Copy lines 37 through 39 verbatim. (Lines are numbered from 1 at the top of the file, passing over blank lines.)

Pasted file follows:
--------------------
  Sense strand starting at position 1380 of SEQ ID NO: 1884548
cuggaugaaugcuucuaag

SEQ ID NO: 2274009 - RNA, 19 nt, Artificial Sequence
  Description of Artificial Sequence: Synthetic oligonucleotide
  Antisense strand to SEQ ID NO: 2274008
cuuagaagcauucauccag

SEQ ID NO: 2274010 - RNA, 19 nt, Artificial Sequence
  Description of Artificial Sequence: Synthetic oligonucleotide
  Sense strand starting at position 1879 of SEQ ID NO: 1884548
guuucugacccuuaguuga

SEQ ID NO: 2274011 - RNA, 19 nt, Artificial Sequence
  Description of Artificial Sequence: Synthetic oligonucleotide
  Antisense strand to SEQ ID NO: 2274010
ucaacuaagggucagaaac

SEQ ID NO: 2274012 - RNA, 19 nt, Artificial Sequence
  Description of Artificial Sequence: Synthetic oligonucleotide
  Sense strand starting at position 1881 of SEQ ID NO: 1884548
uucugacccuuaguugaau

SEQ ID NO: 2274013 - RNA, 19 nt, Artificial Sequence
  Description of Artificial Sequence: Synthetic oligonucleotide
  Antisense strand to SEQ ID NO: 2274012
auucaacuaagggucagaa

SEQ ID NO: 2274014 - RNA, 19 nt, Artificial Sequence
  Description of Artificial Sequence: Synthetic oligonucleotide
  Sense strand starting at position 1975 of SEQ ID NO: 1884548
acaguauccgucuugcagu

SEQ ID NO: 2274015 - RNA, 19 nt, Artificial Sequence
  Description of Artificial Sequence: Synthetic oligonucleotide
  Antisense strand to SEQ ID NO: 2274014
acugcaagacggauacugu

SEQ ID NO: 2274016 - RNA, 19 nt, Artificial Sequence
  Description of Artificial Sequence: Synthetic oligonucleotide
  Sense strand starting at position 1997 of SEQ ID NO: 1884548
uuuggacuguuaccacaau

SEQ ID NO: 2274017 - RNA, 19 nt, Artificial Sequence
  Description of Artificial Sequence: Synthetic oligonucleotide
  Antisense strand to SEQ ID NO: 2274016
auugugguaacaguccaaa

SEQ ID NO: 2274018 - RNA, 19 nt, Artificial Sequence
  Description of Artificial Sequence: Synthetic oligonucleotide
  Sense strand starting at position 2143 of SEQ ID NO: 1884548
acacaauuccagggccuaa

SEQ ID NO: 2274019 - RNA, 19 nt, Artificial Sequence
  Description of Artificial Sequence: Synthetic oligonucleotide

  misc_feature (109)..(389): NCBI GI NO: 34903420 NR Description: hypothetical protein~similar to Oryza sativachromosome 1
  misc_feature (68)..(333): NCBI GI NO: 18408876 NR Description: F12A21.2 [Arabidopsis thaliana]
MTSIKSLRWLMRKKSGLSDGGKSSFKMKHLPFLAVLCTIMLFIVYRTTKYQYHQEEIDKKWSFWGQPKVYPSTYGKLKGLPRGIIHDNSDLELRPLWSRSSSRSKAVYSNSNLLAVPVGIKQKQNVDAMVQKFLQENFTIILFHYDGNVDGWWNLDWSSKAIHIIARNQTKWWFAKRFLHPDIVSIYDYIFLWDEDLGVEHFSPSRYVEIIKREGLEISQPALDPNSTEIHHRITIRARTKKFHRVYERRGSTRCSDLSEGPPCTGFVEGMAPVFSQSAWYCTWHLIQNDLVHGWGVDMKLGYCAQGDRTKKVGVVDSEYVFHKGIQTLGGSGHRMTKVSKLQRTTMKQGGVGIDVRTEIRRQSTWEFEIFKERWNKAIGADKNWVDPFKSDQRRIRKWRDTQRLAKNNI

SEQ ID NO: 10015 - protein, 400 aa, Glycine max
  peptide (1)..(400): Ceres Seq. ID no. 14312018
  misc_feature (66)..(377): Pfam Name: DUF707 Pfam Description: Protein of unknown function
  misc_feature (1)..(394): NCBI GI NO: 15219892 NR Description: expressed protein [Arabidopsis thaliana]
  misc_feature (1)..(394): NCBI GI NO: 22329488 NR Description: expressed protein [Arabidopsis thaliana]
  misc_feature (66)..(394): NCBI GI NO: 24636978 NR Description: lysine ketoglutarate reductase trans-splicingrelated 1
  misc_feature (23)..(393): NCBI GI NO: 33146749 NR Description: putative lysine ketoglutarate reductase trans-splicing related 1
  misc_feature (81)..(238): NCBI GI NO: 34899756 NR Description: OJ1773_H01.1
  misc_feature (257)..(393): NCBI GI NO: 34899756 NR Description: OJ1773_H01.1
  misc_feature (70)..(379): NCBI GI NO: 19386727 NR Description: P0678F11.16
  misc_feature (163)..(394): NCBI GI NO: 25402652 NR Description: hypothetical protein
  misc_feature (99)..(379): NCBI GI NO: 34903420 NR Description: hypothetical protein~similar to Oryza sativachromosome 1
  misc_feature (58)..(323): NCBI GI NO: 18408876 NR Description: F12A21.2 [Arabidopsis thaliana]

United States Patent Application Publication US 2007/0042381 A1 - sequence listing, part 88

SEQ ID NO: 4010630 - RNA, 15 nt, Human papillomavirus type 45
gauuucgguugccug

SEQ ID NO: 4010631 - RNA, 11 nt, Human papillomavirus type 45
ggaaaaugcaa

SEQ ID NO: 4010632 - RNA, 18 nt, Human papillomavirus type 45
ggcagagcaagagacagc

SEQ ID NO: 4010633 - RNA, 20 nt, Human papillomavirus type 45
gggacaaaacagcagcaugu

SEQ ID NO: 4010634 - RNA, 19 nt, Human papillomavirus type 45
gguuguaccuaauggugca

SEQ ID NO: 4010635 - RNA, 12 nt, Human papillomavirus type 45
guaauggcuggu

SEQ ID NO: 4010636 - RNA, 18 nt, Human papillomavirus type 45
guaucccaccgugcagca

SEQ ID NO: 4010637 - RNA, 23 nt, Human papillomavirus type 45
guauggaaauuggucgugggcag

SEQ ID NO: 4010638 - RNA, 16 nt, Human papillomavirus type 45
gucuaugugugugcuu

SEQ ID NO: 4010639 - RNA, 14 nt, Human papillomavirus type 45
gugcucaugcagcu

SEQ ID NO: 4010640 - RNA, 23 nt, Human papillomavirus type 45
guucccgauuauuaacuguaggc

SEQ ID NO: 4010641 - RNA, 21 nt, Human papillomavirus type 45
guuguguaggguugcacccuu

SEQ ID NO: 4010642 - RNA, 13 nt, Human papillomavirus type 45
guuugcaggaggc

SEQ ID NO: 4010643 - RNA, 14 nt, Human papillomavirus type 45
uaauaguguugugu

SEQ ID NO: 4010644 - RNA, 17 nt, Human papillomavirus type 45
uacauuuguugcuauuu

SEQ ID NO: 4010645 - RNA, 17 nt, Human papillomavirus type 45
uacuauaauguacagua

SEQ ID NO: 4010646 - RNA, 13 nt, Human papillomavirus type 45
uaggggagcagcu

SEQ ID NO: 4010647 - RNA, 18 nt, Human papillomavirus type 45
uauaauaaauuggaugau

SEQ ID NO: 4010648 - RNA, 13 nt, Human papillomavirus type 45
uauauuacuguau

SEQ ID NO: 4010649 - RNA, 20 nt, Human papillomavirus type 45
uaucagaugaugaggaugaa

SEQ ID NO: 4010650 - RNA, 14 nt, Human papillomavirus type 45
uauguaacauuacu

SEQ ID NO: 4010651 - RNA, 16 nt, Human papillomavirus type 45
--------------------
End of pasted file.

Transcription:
  Antisense strand to SEQ ID NO: 2274016
auugugguaacaguccaaa

SEQ ID NO: 2274018 - RNA, 19 nt, Artificial Sequence